Following Lesson Plans

by Sharon Wood

Yes, planning will be left for you! Ok, maybe not. However, a supply teacher walking into a classroom to find no planning left is a rarity. We cover all sorts of issues facing supply teachers on this website, and the problem of illegible scrawls (or rather non-existent illegible scrawls!) is one of them. Following lesson plans accurately is critical, if they are left for you.

You will no doubt encounter a plethora of types of lesson plans as a supply teacher. The variety will range from nothing, to post-it notes on worksheets, to a timetable on the classroom wall, through to 3 A4 pages handwritten for each lesson.

If plans have not been left for you, find either a parallel teacher, or an SMT member and ask what is expected. You may find the children know their timetable, and will be able to tell you as much as you need to know to scrape by, but you should arrive at the school long before the children do, and therefore have plenty of time to prepare.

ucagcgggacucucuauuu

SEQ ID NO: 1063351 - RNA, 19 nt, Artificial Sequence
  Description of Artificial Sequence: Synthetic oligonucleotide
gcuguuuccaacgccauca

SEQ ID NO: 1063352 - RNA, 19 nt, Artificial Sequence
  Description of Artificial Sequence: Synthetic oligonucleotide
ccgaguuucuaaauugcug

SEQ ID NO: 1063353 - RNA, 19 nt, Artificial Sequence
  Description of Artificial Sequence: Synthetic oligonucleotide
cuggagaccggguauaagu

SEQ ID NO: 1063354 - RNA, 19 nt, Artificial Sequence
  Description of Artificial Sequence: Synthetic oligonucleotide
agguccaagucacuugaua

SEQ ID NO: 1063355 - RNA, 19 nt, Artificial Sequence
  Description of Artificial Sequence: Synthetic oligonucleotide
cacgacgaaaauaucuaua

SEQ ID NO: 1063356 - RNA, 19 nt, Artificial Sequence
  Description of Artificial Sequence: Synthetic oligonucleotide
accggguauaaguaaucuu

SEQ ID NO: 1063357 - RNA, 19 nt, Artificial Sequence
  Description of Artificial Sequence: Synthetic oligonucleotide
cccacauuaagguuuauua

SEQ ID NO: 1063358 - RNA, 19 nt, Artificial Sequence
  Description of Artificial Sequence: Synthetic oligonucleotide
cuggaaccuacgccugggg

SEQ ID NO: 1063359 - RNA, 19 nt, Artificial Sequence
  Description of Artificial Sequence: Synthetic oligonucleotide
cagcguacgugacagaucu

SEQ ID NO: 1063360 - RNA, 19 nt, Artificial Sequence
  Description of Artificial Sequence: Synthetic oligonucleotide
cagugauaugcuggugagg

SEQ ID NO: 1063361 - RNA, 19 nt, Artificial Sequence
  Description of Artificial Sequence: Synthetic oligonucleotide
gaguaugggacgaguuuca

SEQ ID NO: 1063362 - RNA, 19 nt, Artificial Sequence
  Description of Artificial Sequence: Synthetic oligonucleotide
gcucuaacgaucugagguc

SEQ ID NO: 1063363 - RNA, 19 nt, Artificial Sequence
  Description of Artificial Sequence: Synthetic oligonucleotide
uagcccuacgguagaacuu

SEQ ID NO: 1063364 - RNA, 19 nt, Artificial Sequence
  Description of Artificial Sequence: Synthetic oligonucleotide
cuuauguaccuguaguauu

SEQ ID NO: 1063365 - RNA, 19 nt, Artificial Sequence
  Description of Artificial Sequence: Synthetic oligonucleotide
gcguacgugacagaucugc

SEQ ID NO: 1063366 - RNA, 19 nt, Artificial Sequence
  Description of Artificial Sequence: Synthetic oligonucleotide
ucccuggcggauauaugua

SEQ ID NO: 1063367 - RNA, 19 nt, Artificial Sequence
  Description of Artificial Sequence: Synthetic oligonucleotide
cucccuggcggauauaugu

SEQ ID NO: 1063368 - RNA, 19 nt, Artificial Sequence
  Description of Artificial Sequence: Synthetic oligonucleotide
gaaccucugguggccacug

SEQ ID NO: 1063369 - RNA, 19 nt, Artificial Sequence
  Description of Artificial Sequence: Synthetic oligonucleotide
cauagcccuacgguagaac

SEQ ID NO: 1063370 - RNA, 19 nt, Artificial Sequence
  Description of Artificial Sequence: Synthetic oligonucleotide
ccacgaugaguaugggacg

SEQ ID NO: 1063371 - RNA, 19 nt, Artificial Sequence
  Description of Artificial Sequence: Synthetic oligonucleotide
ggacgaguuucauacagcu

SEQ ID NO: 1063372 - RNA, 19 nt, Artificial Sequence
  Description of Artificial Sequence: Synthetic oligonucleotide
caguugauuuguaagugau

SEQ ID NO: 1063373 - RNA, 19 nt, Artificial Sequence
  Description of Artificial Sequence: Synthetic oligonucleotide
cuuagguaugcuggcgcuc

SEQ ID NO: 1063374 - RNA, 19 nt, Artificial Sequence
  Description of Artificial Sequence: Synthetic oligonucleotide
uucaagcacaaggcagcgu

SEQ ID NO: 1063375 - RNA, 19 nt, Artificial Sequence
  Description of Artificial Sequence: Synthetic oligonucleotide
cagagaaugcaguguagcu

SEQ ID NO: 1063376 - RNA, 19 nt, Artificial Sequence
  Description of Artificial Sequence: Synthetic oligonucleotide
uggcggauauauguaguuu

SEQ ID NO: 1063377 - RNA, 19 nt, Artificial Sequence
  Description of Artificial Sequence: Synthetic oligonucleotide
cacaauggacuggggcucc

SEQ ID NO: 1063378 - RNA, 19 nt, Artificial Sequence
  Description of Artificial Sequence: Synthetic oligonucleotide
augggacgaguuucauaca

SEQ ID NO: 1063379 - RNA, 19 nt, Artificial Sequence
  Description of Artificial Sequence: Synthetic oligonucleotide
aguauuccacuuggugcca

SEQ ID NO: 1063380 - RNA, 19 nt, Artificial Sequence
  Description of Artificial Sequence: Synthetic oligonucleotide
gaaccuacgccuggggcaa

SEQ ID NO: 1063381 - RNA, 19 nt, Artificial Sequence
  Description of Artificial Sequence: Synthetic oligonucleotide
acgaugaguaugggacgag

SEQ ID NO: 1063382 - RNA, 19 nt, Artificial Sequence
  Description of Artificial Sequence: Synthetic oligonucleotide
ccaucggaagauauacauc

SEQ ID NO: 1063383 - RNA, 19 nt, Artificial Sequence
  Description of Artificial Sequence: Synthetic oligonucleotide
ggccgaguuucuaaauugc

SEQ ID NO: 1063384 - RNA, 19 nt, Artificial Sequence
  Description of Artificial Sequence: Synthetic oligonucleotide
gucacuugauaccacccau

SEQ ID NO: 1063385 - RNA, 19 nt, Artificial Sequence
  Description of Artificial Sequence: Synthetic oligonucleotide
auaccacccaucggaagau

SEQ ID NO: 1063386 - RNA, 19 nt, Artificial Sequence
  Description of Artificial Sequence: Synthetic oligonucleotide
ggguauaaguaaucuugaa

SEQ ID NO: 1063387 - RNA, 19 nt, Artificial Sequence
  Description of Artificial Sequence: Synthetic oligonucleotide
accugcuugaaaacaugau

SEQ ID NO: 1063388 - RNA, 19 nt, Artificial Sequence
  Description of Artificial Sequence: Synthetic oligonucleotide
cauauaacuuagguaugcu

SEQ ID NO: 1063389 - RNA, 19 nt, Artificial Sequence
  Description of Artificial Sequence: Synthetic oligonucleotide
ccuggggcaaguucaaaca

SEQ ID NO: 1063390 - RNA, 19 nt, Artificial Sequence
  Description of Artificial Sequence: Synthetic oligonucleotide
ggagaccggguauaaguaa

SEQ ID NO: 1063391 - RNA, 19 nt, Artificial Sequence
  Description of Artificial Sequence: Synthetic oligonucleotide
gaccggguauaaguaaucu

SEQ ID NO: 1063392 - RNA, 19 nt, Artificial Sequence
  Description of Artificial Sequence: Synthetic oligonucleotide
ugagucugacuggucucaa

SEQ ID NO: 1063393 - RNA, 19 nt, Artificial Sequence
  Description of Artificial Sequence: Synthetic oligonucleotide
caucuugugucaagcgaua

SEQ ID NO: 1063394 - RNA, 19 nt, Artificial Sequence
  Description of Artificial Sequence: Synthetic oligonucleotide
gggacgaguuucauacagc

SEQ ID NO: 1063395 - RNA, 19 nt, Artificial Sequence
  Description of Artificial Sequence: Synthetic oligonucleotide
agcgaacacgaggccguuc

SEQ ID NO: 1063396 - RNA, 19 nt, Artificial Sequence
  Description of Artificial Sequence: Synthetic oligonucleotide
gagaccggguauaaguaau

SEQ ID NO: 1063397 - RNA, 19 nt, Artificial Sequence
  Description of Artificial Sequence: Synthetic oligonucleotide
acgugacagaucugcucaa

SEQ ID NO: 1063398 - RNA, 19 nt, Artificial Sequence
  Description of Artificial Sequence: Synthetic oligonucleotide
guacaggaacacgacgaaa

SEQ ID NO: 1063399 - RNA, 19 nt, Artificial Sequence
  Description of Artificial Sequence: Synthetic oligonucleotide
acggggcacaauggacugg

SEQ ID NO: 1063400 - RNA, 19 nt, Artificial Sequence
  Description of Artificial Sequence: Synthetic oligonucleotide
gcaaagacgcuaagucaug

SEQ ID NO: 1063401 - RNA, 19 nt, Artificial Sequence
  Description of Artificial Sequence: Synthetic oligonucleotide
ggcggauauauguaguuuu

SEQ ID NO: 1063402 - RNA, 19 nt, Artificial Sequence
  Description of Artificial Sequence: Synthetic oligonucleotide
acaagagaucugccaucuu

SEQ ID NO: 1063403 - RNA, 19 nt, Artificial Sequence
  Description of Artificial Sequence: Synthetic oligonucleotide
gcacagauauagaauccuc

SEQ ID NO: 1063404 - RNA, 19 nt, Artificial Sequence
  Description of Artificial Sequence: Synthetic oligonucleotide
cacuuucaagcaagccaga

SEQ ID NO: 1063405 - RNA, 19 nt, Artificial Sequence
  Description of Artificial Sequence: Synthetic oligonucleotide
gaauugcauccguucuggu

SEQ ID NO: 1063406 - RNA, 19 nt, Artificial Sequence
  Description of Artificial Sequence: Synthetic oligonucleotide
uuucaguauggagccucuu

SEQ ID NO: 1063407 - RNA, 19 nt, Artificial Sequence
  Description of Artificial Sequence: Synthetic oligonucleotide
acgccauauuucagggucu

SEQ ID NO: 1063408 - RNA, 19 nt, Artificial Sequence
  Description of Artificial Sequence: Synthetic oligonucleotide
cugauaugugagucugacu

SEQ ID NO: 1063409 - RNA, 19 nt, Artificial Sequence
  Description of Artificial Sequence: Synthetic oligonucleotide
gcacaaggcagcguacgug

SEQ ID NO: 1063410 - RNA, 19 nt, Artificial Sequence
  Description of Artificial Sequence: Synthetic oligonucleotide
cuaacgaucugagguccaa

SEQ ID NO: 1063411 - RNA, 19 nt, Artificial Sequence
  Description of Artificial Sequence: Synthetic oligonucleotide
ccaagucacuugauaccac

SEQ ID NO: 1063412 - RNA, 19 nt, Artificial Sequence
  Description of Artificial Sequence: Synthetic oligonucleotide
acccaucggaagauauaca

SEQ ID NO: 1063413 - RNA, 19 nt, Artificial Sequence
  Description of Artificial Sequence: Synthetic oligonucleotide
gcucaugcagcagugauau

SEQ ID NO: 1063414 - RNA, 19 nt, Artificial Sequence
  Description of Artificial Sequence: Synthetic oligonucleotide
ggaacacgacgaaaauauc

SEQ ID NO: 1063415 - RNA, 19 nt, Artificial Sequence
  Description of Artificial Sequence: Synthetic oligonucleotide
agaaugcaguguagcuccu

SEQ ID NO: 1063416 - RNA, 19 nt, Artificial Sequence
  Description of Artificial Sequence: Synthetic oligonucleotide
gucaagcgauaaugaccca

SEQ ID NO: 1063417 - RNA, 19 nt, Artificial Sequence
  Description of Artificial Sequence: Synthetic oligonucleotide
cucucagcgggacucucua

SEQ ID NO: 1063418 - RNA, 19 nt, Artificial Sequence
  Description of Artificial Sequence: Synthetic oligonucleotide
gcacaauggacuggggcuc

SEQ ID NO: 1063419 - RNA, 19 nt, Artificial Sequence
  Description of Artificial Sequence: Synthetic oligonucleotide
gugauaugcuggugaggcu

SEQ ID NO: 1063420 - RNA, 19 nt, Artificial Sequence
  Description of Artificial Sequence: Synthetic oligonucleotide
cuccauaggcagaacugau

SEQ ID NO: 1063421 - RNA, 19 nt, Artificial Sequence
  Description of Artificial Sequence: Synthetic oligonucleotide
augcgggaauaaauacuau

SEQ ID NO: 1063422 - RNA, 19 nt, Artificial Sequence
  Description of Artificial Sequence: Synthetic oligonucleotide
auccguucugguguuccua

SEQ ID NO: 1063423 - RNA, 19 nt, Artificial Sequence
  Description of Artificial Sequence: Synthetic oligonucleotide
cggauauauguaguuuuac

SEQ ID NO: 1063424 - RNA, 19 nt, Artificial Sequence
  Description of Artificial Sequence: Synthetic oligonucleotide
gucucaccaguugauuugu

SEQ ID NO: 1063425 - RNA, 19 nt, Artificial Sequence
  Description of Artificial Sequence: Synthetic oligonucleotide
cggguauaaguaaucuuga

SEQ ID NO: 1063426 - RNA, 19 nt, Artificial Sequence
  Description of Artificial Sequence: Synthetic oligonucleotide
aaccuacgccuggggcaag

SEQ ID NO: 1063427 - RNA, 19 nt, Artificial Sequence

I have rarely gone into a school to find no prepared work. However, I do not use an agency, and 90% of my supply teaching work is pre-booked.

Following Lesson Plans - Advice for supply teachers

Lesson plans come in all shapes and sizes. If they are available – follow them!

I do find it amazing though that not all weekly lesson plans for a particular class are saved onto the school server somewhere. I was saving my weekly plans onto a shared file in the early 90's, so SMT could check it, so the English and Maths coordinators could check their subjects were being covered/taught properly, so that the school had a definite record of subject coverage etc. for OFSTED, and so that if I wasn't able to turn up to school through illness and they got a supply teacher in for the day, all the plans were available to them! (Rant over!)

You must follow plans that have been left for you. No matter what you think of them! If you make alterations to the plans, leave a full and detailed account of why and how you did this, relating it to the children's learning as much as possible.

Glossary of Terms you may find on a lesson plan:

V/A/K – Visual/Aural/Kinesthetic learning involved in this lesson
IWB – Interactive Whiteboard used in this lesson
LO – Learning Objective
DLO – Desired Learning Objective
OBJ – Learning Objective
SC – Success Criteria
CN – Children
MA/A/LA – More able/Able/Less able
(Random Initials) Support – Support available from TA/HLTA/CS with those initials

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